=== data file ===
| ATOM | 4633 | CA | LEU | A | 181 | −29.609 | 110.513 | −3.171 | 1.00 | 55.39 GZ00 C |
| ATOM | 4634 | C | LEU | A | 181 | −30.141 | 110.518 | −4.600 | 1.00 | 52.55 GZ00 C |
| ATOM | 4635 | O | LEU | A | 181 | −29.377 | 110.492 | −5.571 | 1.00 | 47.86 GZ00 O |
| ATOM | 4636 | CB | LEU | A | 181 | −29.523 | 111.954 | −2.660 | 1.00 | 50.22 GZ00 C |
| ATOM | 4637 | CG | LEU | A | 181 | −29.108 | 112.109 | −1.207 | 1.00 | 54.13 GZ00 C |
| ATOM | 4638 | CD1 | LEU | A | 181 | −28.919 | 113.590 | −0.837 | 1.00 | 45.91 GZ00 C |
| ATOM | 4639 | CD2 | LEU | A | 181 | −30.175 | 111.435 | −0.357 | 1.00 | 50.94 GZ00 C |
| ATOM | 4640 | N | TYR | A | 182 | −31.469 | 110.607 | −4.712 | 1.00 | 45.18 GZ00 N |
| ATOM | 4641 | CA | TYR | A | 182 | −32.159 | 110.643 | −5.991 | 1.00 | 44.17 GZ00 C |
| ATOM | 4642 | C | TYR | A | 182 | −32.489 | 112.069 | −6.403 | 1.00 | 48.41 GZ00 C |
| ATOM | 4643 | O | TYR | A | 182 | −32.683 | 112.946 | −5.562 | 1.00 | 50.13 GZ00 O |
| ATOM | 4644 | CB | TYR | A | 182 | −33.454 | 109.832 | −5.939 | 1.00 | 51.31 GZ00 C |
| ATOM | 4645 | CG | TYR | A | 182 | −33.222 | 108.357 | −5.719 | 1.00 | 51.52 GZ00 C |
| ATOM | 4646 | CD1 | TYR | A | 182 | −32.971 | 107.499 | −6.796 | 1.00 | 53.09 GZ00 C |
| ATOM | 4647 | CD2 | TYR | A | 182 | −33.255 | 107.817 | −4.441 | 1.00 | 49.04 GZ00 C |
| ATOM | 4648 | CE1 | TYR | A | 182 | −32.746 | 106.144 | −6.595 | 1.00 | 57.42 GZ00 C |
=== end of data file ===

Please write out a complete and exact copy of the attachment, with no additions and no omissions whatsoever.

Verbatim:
| ATOM | 4633 | CA | LEU | A | 181 | −29.609 | 110.513 | −3.171 | 1.00 | 55.39 GZ00 C |
| ATOM | 4634 | C | LEU | A | 181 | −30.141 | 110.518 | −4.600 | 1.00 | 52.55 GZ00 C |
| ATOM | 4635 | O | LEU | A | 181 | −29.377 | 110.492 | −5.571 | 1.00 | 47.86 GZ00 O |
| ATOM | 4636 | CB | LEU | A | 181 | −29.523 | 111.954 | −2.660 | 1.00 | 50.22 GZ00 C |
| ATOM | 4637 | CG | LEU | A | 181 | −29.108 | 112.109 | −1.207 | 1.00 | 54.13 GZ00 C |
| ATOM | 4638 | CD1 | LEU | A | 181 | −28.919 | 113.590 | −0.837 | 1.00 | 45.91 GZ00 C |
| ATOM | 4639 | CD2 | LEU | A | 181 | −30.175 | 111.435 | −0.357 | 1.00 | 50.94 GZ00 C |
| ATOM | 4640 | N | TYR | A | 182 | −31.469 | 110.607 | −4.712 | 1.00 | 45.18 GZ00 N |
| ATOM | 4641 | CA | TYR | A | 182 | −32.159 | 110.643 | −5.991 | 1.00 | 44.17 GZ00 C |
| ATOM | 4642 | C | TYR | A | 182 | −32.489 | 112.069 | −6.403 | 1.00 | 48.41 GZ00 C |
| ATOM | 4643 | O | TYR | A | 182 | −32.683 | 112.946 | −5.562 | 1.00 | 50.13 GZ00 O |
| ATOM | 4644 | CB | TYR | A | 182 | −33.454 | 109.832 | −5.939 | 1.00 | 51.31 GZ00 C |
| ATOM | 4645 | CG | TYR | A | 182 | −33.222 | 108.357 | −5.719 | 1.00 | 51.52 GZ00 C |
| ATOM | 4646 | CD1 | TYR | A | 182 | −32.971 | 107.499 | −6.796 | 1.00 | 53.09 GZ00 C |
| ATOM | 4647 | CD2 | TYR | A | 182 | −33.255 | 107.817 | −4.441 | 1.00 | 49.04 GZ00 C |
| ATOM | 4648 | CE1 | TYR | A | 182 | −32.746 | 106.144 | −6.595 | 1.00 | 57.42 GZ00 C |